Author Topic: Vintage Racing  (Read 2253 times)

jefferson

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Re: Vintage Racing
« Reply #40 on: November 12, 2017, 12:10:37 PM »
Was it running hot at the time?. Both of my spun rod bearings were when it was getting hot. No other problems except for those 2 incidents and it was always the rear cylinder that spun. I would really like to know why the problem always manifests itself in the rear cyl. rod bearing.

Dean

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Re: Vintage Racing
« Reply #41 on: November 12, 2017, 07:03:32 PM »
The engibe temp was 3/4 in the green but I did over rev the engine.

I was in a corner right behind another bike and rather than keep an even throttle I accelerated to close the gap waiting to up shift at the corner exit. The bike over reved trying to close the gap. Two corners after when I down shifted I felt the tire wanting to lock up.

When I slowed down to exit the track was when it locked up tight.
You do not need a therapist if you own a motorcycle, any kind of motorcycle! Dan Aykroyd

Rikugun

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Re: Vintage Racing
« Reply #42 on: November 13, 2017, 08:16:36 AM »
Was the lean angle extreme or moderate and was it a long sweeping turn? Oil starvation at the pickup was a thought but others have raced these bikes with no ill effect so maybe that is just a contributing factor.

Was this a high miles engine?  To your knowledge was it ever run low on oil? Maybe the design is such that the rear rod is just a more vulnerable item. Coming from the filter, it looks like maybe the mains are given preference over the rods? And, of the two rods, the rear gets oil last. If pressure is low - high miles/wear at all journals, brief periods of starvation, etc. - maybe this is just the mode of failure on these engines.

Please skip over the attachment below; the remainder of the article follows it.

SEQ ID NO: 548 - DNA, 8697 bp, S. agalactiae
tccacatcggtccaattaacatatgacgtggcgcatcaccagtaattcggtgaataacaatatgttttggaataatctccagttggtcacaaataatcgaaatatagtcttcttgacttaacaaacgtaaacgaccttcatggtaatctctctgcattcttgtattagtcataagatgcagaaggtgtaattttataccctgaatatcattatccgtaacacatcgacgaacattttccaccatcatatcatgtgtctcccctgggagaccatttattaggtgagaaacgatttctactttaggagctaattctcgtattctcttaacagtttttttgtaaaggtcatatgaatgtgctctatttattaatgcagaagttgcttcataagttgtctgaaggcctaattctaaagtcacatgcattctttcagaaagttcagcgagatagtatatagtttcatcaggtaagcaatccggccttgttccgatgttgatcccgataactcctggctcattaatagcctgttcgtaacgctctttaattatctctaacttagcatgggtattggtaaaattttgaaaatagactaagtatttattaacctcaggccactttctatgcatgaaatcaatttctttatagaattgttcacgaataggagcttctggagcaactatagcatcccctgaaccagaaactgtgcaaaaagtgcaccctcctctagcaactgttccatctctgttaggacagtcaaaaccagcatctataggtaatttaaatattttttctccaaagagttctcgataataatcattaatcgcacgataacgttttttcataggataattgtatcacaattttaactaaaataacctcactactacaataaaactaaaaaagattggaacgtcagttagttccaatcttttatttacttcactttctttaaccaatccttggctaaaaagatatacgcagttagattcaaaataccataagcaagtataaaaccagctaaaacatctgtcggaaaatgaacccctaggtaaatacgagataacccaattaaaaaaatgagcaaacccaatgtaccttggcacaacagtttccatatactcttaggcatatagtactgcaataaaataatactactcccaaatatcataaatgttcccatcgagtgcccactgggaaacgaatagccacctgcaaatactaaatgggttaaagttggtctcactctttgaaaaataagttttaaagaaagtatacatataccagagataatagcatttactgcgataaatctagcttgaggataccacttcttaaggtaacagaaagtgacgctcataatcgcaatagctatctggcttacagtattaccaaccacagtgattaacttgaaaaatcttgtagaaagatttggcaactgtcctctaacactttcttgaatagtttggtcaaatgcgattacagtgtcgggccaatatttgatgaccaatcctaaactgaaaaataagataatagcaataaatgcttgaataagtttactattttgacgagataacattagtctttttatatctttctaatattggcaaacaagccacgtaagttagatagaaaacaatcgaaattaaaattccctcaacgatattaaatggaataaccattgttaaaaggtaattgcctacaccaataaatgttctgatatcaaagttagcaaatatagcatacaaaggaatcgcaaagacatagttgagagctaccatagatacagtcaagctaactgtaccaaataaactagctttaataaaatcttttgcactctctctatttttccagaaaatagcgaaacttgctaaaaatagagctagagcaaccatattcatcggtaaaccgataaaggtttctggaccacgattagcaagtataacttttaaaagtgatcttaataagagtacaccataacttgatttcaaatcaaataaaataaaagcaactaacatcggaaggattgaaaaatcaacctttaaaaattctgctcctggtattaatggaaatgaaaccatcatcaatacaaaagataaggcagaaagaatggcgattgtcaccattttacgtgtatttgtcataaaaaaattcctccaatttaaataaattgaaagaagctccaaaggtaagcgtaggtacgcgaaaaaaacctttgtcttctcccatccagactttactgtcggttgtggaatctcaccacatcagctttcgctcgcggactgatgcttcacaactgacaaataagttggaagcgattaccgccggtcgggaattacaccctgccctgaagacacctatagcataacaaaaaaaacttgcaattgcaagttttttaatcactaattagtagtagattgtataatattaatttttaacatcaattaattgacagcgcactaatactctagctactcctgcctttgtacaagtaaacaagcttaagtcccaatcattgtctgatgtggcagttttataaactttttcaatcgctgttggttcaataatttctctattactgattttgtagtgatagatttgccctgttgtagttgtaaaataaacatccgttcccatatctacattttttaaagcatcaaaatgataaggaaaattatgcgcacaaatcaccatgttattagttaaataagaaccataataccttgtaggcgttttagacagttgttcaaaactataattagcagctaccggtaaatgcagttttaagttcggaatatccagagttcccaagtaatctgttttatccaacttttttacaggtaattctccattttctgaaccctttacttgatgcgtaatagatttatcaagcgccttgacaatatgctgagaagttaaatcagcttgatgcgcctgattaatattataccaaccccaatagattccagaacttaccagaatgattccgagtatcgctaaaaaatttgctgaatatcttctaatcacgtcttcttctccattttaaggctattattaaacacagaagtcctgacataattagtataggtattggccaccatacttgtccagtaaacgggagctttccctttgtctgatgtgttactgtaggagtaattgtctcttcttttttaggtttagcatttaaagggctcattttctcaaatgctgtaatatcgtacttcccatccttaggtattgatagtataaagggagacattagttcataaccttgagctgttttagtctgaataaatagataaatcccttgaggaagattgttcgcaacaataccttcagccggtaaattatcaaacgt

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jefferson

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Re: Vintage Racing
« Reply #43 on: November 13, 2017, 07:17:46 PM »
Neither of my incidents was the engine in the red, but just in the upper regions of normal. Your overrev probably didn't help anything, but I don't think it was the cause of the problem. I also found  that I went faster if I shifted earlier rather than revving it out. These things have a strong mid range and run out of steam in the upper ranges. My tachs always quit on me and I just shifted by sound. Yours may be different with the different exhaust, but that is what I found with mine.

QBS

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Re: Vintage Racing
« Reply #44 on: November 13, 2017, 09:05:31 PM »
I have found that shifting at 9-9.5k drops the engine into the early to mid part of the torque curve.  It loves to operate there.  It loves to climb through the torque curve.  There seems to be more to be gained there than hanging on to red line and beyond.  I often short shift in normal traffic.